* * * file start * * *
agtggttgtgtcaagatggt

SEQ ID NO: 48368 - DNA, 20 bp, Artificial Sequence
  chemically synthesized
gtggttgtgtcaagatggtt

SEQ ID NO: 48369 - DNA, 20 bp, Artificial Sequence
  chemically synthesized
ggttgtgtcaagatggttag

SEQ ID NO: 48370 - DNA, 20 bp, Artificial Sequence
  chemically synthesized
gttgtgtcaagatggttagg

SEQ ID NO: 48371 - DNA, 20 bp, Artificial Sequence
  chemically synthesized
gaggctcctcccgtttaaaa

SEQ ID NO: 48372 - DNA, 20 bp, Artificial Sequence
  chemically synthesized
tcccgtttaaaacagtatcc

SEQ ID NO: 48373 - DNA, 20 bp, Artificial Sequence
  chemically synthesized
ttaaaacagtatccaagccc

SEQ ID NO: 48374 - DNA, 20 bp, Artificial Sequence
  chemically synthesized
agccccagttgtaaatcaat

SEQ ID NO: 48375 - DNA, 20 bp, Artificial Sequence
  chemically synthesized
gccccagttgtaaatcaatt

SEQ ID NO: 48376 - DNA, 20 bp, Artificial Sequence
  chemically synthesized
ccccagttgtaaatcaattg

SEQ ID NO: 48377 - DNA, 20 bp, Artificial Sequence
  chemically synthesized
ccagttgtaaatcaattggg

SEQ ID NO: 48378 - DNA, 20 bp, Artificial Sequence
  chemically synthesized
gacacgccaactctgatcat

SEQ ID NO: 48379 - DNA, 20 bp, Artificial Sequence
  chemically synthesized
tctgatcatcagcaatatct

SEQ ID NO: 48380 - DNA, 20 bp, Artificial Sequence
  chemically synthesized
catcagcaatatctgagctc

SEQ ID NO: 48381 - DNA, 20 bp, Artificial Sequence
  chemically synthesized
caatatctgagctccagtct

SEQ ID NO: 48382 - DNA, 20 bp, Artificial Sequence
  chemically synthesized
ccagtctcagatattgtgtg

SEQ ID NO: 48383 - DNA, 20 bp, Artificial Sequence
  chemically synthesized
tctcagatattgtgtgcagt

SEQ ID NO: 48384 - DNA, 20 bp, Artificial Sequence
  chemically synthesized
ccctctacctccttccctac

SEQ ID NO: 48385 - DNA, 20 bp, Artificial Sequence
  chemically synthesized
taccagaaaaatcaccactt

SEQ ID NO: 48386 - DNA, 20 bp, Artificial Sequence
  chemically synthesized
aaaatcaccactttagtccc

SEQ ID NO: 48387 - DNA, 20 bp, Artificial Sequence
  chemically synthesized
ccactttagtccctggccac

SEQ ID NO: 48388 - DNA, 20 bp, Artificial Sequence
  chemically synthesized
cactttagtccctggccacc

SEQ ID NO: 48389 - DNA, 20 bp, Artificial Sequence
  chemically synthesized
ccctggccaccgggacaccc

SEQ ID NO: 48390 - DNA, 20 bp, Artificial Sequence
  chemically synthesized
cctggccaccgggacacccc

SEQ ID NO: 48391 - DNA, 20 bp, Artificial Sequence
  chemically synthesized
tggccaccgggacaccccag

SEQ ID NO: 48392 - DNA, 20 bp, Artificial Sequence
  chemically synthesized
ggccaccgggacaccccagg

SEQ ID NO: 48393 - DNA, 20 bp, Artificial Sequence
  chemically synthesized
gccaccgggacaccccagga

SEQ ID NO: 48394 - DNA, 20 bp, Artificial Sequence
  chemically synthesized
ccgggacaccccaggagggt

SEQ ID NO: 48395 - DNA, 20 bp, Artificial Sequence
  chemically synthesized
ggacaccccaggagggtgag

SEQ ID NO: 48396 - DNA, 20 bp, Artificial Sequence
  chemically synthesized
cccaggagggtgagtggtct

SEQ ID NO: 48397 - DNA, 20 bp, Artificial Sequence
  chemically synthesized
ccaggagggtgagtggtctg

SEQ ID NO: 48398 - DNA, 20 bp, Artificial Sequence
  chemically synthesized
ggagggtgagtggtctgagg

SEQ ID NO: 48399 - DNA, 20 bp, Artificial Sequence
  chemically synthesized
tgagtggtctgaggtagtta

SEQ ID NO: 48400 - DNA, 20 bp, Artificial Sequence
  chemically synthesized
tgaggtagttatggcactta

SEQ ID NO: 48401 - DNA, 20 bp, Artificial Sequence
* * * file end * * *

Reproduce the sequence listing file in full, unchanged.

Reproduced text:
agtggttgtgtcaagatggt

SEQ ID NO: 48368 - DNA, 20 bp, Artificial Sequence
  chemically synthesized
gtggttgtgtcaagatggtt

SEQ ID NO: 48369 - DNA, 20 bp, Artificial Sequence
  chemically synthesized
ggttgtgtcaagatggttag

SEQ ID NO: 48370 - DNA, 20 bp, Artificial Sequence
  chemically synthesized
gttgtgtcaagatggttagg

SEQ ID NO: 48371 - DNA, 20 bp, Artificial Sequence
  chemically synthesized
gaggctcctcccgtttaaaa

SEQ ID NO: 48372 - DNA, 20 bp, Artificial Sequence
  chemically synthesized
tcccgtttaaaacagtatcc

SEQ ID NO: 48373 - DNA, 20 bp, Artificial Sequence
  chemically synthesized
ttaaaacagtatccaagccc

SEQ ID NO: 48374 - DNA, 20 bp, Artificial Sequence
  chemically synthesized
agccccagttgtaaatcaat

SEQ ID NO: 48375 - DNA, 20 bp, Artificial Sequence
  chemically synthesized
gccccagttgtaaatcaatt

SEQ ID NO: 48376 - DNA, 20 bp, Artificial Sequence
  chemically synthesized
ccccagttgtaaatcaattg

SEQ ID NO: 48377 - DNA, 20 bp, Artificial Sequence
  chemically synthesized
ccagttgtaaatcaattggg

SEQ ID NO: 48378 - DNA, 20 bp, Artificial Sequence
  chemically synthesized
gacacgccaactctgatcat

SEQ ID NO: 48379 - DNA, 20 bp, Artificial Sequence
  chemically synthesized
tctgatcatcagcaatatct

SEQ ID NO: 48380 - DNA, 20 bp, Artificial Sequence
  chemically synthesized
catcagcaatatctgagctc

SEQ ID NO: 48381 - DNA, 20 bp, Artificial Sequence
  chemically synthesized
caatatctgagctccagtct

SEQ ID NO: 48382 - DNA, 20 bp, Artificial Sequence
  chemically synthesized
ccagtctcagatattgtgtg

SEQ ID NO: 48383 - DNA, 20 bp, Artificial Sequence
  chemically synthesized
tctcagatattgtgtgcagt

SEQ ID NO: 48384 - DNA, 20 bp, Artificial Sequence
  chemically synthesized
ccctctacctccttccctac

SEQ ID NO: 48385 - DNA, 20 bp, Artificial Sequence
  chemically synthesized
taccagaaaaatcaccactt

SEQ ID NO: 48386 - DNA, 20 bp, Artificial Sequence
  chemically synthesized
aaaatcaccactttagtccc

SEQ ID NO: 48387 - DNA, 20 bp, Artificial Sequence
  chemically synthesized
ccactttagtccctggccac

SEQ ID NO: 48388 - DNA, 20 bp, Artificial Sequence
  chemically synthesized
cactttagtccctggccacc

SEQ ID NO: 48389 - DNA, 20 bp, Artificial Sequence
  chemically synthesized
ccctggccaccgggacaccc

SEQ ID NO: 48390 - DNA, 20 bp, Artificial Sequence
  chemically synthesized
cctggccaccgggacacccc

SEQ ID NO: 48391 - DNA, 20 bp, Artificial Sequence
  chemically synthesized
tggccaccgggacaccccag

SEQ ID NO: 48392 - DNA, 20 bp, Artificial Sequence
  chemically synthesized
ggccaccgggacaccccagg

SEQ ID NO: 48393 - DNA, 20 bp, Artificial Sequence
  chemically synthesized
gccaccgggacaccccagga

SEQ ID NO: 48394 - DNA, 20 bp, Artificial Sequence
  chemically synthesized
ccgggacaccccaggagggt

SEQ ID NO: 48395 - DNA, 20 bp, Artificial Sequence
  chemically synthesized
ggacaccccaggagggtgag

SEQ ID NO: 48396 - DNA, 20 bp, Artificial Sequence
  chemically synthesized
cccaggagggtgagtggtct

SEQ ID NO: 48397 - DNA, 20 bp, Artificial Sequence
  chemically synthesized
ccaggagggtgagtggtctg

SEQ ID NO: 48398 - DNA, 20 bp, Artificial Sequence
  chemically synthesized
ggagggtgagtggtctgagg

SEQ ID NO: 48399 - DNA, 20 bp, Artificial Sequence
  chemically synthesized
tgagtggtctgaggtagtta

SEQ ID NO: 48400 - DNA, 20 bp, Artificial Sequence
  chemically synthesized
tgaggtagttatggcactta

SEQ ID NO: 48401 - DNA, 20 bp, Artificial Sequence